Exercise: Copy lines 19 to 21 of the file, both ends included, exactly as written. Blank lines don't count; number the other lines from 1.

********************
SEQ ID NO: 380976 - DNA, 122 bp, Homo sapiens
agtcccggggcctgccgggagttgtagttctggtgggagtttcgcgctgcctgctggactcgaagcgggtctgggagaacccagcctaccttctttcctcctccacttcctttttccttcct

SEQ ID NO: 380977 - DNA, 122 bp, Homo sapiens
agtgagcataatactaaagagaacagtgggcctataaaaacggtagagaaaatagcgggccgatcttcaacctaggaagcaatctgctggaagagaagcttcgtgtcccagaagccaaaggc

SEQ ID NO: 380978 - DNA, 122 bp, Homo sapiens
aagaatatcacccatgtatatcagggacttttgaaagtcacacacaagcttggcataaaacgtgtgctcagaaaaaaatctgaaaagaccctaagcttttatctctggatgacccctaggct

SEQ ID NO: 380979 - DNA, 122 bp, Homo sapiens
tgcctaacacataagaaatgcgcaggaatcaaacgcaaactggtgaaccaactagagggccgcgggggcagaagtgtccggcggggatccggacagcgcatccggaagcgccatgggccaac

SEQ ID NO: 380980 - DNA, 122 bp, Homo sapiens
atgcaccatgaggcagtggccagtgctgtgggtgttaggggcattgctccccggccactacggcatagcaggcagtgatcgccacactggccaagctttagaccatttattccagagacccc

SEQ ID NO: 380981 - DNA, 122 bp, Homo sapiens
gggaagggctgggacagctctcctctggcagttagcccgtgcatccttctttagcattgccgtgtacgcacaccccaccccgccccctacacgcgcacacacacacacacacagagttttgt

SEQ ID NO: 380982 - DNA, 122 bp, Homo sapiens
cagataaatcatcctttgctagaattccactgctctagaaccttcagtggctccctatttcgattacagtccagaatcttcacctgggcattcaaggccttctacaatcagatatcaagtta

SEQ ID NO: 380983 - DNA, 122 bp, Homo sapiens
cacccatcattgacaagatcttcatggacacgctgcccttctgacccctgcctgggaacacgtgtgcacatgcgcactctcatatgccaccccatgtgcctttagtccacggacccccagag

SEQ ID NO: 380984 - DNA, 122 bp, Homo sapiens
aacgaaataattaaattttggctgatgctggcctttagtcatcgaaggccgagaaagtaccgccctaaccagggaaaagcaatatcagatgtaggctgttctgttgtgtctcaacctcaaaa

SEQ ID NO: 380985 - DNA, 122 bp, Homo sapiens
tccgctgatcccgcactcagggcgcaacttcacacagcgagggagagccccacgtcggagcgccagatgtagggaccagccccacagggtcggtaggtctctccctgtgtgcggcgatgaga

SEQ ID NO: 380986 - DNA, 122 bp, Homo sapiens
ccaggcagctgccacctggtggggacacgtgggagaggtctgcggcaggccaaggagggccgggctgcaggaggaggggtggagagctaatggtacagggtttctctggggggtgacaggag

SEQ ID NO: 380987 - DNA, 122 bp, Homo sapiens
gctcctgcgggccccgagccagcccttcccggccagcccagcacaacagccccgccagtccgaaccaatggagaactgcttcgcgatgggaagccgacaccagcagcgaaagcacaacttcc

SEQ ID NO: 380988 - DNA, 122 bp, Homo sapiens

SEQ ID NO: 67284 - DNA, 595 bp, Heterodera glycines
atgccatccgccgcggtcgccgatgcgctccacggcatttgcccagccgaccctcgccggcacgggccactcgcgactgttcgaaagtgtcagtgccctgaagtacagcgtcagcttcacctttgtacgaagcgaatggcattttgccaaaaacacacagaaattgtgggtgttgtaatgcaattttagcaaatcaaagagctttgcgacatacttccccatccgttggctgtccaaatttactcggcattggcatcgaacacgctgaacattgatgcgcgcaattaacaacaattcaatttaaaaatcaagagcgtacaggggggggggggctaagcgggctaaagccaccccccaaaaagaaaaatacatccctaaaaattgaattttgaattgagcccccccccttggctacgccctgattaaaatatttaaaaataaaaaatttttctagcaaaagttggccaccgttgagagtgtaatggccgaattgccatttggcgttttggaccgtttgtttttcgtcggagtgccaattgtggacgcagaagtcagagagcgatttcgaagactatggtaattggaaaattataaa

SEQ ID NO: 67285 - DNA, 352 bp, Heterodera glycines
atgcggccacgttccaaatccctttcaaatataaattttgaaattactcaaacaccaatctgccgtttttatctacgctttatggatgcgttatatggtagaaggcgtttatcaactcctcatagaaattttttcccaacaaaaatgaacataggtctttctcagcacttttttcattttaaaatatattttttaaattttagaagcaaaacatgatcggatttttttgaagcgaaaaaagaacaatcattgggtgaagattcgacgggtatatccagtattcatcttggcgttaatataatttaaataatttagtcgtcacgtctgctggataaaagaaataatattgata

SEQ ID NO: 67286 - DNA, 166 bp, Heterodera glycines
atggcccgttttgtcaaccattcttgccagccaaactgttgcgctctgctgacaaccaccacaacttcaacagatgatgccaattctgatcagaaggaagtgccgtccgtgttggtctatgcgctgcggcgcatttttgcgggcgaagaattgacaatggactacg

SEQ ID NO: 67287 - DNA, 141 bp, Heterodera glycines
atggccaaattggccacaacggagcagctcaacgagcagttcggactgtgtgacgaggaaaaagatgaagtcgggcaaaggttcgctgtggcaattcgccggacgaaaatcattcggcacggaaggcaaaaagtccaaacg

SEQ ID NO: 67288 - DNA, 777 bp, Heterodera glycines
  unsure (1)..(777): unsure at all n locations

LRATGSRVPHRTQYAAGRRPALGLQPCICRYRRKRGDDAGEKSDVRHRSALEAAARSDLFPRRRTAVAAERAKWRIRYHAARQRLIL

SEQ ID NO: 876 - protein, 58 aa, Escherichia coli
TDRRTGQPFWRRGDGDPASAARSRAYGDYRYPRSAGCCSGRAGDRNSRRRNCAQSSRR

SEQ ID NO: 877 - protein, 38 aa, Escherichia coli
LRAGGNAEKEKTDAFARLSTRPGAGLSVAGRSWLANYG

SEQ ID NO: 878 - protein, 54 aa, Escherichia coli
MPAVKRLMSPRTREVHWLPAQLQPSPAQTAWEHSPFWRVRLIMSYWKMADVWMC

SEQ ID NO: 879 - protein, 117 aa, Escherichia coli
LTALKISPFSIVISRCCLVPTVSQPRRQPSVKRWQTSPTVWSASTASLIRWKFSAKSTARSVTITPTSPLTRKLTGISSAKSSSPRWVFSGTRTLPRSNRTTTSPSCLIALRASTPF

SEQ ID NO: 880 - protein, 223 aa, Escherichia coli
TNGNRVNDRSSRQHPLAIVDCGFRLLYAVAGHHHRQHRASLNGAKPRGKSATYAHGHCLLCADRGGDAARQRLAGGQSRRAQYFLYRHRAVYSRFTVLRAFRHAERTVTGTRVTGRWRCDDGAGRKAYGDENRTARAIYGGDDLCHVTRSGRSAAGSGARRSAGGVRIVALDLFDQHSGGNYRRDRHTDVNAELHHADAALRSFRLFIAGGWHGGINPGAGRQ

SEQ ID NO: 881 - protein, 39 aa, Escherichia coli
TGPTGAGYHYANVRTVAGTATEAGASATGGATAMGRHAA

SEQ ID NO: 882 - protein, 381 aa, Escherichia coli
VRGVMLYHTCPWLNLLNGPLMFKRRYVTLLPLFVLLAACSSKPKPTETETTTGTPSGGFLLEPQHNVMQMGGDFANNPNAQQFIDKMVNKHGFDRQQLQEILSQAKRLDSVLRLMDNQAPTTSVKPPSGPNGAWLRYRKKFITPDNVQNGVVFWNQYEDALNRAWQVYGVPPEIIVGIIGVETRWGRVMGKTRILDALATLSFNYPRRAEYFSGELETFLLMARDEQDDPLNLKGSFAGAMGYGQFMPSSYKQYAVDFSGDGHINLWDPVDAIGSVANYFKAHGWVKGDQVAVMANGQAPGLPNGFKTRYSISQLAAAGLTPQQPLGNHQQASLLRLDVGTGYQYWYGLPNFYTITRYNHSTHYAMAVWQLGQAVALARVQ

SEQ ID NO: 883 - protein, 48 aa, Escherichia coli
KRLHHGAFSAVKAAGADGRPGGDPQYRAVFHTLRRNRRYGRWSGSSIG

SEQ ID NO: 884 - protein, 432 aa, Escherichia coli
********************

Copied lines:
SEQ ID NO: 380985 - DNA, 122 bp, Homo sapiens
tccgctgatcccgcactcagggcgcaacttcacacagcgagggagagccccacgtcggagcgccagatgtagggaccagccccacagggtcggtaggtctctccctgtgtgcggcgatgaga

SEQ ID NO: 380986 - DNA, 122 bp, Homo sapiens